• Thank you 2008, you finally gave New Media a name: I indicate how 2008 was the tipping point for the Information Age’s Social Media to finally trump the Industrial Age’s Mass Media. I researched the history of the concept of Social Media, explained what "media" really is, and how the term "Social Media" is the perfect term to describe what we’ve been calling these evolving communication trends.
  • The makings of a media mogul: Michael Arrington of TechCrunch: A detailed analysis of how a nobody became one of the most influential men in the world as a New Media pioneer. Mr Arrington even thanked me!
  • The future of journalism and media: A look at the Watergate scandal as well as my own personal experience with a university publication, to understand the core dynamic of the media. I argue that what made the mass media tick in the past was a marketplace, and it’s one that can be applied to digital media going forward.
  • So open it‚Äôs closed: I make an argument that the term "Open" is being abused and has lost its meaning. We need better guidelines on what constitutes an "Open Standard" before it becomes too late.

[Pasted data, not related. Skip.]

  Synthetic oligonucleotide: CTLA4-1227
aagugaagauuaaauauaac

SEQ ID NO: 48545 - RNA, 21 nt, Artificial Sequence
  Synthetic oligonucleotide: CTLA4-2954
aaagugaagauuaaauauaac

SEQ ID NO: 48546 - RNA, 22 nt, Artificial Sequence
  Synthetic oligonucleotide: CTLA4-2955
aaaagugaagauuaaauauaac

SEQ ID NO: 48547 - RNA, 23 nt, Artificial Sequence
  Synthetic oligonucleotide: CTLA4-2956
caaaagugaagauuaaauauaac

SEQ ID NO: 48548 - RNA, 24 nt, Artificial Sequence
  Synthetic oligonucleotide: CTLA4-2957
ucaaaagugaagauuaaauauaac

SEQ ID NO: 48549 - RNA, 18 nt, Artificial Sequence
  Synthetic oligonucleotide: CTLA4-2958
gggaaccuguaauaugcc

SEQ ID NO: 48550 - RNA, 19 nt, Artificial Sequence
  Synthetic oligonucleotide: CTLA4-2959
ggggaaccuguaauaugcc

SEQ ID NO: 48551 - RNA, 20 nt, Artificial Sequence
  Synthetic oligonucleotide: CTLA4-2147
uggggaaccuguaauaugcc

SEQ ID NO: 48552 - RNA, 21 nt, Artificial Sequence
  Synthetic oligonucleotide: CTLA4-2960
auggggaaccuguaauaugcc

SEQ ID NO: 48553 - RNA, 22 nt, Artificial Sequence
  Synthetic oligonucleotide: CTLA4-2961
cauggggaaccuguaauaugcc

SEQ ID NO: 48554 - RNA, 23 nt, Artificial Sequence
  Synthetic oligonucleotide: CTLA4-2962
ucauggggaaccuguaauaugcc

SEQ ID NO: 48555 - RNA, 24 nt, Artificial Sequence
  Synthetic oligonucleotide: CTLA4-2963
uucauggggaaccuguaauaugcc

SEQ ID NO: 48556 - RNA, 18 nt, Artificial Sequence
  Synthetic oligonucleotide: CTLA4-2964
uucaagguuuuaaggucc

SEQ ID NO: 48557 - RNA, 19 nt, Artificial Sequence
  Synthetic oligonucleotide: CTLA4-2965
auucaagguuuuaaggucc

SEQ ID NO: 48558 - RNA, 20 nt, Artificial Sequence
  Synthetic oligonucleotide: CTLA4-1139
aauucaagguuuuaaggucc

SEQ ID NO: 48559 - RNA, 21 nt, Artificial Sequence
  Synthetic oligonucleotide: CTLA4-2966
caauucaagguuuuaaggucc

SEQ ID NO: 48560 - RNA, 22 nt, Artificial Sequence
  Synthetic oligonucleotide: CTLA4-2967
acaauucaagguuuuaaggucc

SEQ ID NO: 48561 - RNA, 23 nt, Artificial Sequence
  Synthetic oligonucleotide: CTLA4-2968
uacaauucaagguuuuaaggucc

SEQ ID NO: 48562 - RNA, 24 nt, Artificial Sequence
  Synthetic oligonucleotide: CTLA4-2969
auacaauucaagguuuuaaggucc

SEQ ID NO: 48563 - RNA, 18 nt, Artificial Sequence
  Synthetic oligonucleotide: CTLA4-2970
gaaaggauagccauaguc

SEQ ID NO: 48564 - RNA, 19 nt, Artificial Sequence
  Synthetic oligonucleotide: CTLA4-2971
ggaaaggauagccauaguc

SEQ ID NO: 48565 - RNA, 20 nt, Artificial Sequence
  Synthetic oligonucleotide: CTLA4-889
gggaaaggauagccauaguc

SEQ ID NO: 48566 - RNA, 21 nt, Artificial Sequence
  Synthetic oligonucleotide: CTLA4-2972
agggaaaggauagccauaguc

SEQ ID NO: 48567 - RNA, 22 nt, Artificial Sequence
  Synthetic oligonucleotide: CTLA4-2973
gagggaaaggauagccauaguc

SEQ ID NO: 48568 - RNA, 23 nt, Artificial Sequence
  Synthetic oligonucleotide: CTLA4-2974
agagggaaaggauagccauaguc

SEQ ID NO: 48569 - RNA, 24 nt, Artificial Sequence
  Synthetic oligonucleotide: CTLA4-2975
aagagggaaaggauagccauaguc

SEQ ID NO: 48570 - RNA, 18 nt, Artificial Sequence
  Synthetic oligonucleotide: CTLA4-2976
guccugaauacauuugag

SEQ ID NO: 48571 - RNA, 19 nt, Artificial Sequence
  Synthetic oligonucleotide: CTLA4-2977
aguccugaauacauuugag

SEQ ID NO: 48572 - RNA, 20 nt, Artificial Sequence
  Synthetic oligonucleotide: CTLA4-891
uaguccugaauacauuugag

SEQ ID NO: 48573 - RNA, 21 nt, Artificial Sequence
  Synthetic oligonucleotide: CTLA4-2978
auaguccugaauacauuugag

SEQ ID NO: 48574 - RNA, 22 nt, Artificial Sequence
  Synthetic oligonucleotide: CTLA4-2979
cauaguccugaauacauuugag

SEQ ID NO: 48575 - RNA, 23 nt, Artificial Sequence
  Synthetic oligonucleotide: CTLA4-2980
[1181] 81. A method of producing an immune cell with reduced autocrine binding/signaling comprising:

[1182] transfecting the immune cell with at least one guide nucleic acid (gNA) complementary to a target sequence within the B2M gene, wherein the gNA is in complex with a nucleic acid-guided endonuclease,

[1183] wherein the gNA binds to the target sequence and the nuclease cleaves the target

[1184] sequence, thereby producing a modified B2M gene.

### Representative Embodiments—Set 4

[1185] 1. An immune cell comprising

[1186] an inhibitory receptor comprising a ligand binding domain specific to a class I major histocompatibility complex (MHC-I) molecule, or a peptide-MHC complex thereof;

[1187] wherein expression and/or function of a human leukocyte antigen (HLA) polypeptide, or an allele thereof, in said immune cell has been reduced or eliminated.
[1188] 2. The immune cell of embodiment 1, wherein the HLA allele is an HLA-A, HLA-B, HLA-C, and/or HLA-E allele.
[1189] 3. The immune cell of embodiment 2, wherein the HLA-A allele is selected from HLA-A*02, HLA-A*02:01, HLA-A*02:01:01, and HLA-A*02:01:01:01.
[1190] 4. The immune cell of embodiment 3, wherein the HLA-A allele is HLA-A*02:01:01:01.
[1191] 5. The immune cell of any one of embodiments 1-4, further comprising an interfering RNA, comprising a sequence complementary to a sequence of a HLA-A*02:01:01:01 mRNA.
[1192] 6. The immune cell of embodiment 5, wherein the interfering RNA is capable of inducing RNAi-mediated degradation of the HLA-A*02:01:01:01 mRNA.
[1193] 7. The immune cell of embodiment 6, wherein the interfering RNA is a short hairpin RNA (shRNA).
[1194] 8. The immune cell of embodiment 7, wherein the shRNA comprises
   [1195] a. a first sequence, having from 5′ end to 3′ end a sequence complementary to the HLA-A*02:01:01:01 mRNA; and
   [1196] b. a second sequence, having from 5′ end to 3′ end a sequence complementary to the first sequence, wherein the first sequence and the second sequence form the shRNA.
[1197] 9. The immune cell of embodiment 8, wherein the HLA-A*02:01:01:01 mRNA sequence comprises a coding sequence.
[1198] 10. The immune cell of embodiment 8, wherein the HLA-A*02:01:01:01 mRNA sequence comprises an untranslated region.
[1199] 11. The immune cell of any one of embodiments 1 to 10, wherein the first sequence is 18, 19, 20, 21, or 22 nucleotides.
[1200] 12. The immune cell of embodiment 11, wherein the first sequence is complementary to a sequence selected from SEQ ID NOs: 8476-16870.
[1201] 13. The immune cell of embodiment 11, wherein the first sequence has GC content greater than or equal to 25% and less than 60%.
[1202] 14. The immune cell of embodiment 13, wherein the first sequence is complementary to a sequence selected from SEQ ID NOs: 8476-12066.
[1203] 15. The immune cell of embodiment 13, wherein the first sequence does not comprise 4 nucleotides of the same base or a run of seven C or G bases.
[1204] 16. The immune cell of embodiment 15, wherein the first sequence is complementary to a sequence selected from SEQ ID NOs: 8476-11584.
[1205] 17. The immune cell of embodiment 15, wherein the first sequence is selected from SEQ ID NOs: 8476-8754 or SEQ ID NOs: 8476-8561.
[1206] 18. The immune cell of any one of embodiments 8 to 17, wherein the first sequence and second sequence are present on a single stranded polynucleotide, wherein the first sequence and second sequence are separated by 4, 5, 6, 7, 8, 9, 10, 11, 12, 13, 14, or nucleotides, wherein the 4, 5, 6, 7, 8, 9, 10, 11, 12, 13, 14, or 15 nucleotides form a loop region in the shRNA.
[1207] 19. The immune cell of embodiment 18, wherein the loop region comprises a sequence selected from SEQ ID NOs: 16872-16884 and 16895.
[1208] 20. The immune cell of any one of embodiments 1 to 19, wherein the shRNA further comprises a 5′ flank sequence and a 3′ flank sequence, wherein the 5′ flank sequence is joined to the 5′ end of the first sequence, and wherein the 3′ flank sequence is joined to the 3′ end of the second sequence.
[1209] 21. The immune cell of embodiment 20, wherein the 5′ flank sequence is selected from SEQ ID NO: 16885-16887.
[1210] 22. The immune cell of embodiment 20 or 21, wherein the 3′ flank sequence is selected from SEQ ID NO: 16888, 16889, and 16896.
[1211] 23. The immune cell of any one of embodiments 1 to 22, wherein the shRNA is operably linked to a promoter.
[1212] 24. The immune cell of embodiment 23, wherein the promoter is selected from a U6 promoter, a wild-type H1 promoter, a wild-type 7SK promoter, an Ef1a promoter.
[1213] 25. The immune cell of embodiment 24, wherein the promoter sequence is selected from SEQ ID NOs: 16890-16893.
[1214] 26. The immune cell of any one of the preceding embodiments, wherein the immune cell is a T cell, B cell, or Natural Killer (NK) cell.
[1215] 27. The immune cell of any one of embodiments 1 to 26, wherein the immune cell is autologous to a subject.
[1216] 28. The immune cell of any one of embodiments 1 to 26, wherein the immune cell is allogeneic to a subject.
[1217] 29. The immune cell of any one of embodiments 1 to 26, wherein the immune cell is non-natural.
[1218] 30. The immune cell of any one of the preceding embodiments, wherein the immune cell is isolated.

• Social media and that whole ‚Äúfriend‚Äù thing: A post about how there is pressure to subscribe to peoples content on various services, even when you don’t want to receive their content. The result is an unusable service. I reflect on how Google Readers friends option is a simple but more effective way of social media, as it removes this pressure.

November 2008

  • The broken business model of newspapers: An analysis of problems with the newspaper industry – too much detail in articles create extra cost, changes to the news cycle has changed their relevance, and incentives and structures are not aligned with what their strategic goals should be